A chilling debut thriller in the vein of Dexter and The Talented Mr Ripley.
Martin Reese has a hobby: he digs up murder victims. He buys stolen police files on serial killers, and uses them to find and dig up missing bodies. Calls in the results anonymously, taunting the police for their failure to do their job.
Detective Sandra Whittal takes that a little personally. She’s suspicious of the mysterious caller, who she names the Finder. Maybe he’s the one leaving the bodies behind. If not, who’s to say he won’t start soon?
As Whittal begins to zero in on the Finder, Martin makes a shocking discovery. It seems someone—someone lethal—is very unhappy about the bodies he’s been digging up.
Hunted by a cop, hunted by a killer. To escape and keep his family safe, Martin may have to go deeper into the world of murder than he ever imagined.
Martin Reese has it all. He is a successful business man. A father. A husband. Everything looks rather normal on the surface, but Martin is hiding a dark and sinister secret. He will go to great lengths to keep that secret from being revealed to the world. Nathan Ripley makes Martin out to be a rather cut and dry, carpool type of dad, but at the same time, we get to see the darker side of Martin and his morbid escapades.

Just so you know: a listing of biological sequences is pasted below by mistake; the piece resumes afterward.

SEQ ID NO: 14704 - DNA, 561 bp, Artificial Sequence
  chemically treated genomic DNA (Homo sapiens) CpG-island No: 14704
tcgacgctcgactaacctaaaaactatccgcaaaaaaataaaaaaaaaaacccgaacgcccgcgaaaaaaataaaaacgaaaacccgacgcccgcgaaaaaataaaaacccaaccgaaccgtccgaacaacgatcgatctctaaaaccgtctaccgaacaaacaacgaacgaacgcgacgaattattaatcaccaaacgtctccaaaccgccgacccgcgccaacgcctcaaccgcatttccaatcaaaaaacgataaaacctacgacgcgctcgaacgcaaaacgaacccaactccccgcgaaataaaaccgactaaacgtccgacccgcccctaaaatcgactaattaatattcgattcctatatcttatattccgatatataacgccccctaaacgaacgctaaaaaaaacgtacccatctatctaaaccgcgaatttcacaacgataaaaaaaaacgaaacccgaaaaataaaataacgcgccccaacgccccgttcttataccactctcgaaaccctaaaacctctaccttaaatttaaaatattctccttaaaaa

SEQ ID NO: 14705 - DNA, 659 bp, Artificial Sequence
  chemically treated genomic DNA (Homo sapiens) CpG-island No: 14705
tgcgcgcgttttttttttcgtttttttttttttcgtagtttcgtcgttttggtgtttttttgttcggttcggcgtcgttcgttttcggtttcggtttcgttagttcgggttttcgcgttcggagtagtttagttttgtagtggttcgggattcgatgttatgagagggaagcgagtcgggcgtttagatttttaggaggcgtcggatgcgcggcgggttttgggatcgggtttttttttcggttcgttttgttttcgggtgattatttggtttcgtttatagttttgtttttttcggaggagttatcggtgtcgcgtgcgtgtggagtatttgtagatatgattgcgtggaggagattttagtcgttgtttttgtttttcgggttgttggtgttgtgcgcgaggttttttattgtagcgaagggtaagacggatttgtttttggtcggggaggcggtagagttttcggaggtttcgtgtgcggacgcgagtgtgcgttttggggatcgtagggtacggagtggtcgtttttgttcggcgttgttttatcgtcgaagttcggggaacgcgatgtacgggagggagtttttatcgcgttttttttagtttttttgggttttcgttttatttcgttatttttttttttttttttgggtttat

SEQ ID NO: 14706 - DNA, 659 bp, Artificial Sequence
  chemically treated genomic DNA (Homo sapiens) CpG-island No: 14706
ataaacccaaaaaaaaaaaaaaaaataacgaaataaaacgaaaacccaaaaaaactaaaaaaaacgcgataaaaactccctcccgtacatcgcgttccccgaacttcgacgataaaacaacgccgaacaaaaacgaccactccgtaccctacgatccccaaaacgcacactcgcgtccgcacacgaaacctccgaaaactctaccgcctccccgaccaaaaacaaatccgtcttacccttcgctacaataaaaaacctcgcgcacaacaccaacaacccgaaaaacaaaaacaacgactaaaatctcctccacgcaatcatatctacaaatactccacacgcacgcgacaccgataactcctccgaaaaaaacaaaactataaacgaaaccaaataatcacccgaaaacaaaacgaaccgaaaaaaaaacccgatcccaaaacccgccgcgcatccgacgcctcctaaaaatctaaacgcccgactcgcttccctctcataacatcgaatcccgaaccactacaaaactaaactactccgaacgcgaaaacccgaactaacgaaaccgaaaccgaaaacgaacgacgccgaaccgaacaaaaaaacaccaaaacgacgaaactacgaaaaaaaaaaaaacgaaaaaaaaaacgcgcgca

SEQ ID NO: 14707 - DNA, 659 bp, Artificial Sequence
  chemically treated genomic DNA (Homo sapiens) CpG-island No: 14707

As Martin’s exploits become more frequent, people start to notice. One is a detective and the other is a stone cold serial killer. Martin must tread carefully. His marriage is on the rocks. His wife is starting her own business with another man. There’s some jealousy there. I love how Ripley looks at the family dynamic and how it plays a big part in the plot. Things will be revealed. There are tons of twists and turns along the way to that excellent conclusion.
You really don’t know who has the moral high ground in FIND YOU IN THE DARK, which makes it a fascinating read. It’s fast paced and smart. Ripley grips you from the start, and sends you reeling at the end. All the characters are dynamic, which is a very rare thing to have in a debut. I’m thoroughly impressed. And just when I thought Ripley was going to go the conventional route, he pulled the rug out from under me and did the unexpected.
There’s a lot happening in FIND YOU IN THE DARK, but Ripley manages it with style and grace. The loose ends are dealt with and there are no plot holes. There is a sense of urgency when you start this book. Once you start reading this book you can’t stop–this is due to Ripley’s style and prose. The short chapters keep you on the edge of your seat, too. I can’t get over that ending. FIND YOU IN THE DARK is unrelenting and unputdownable.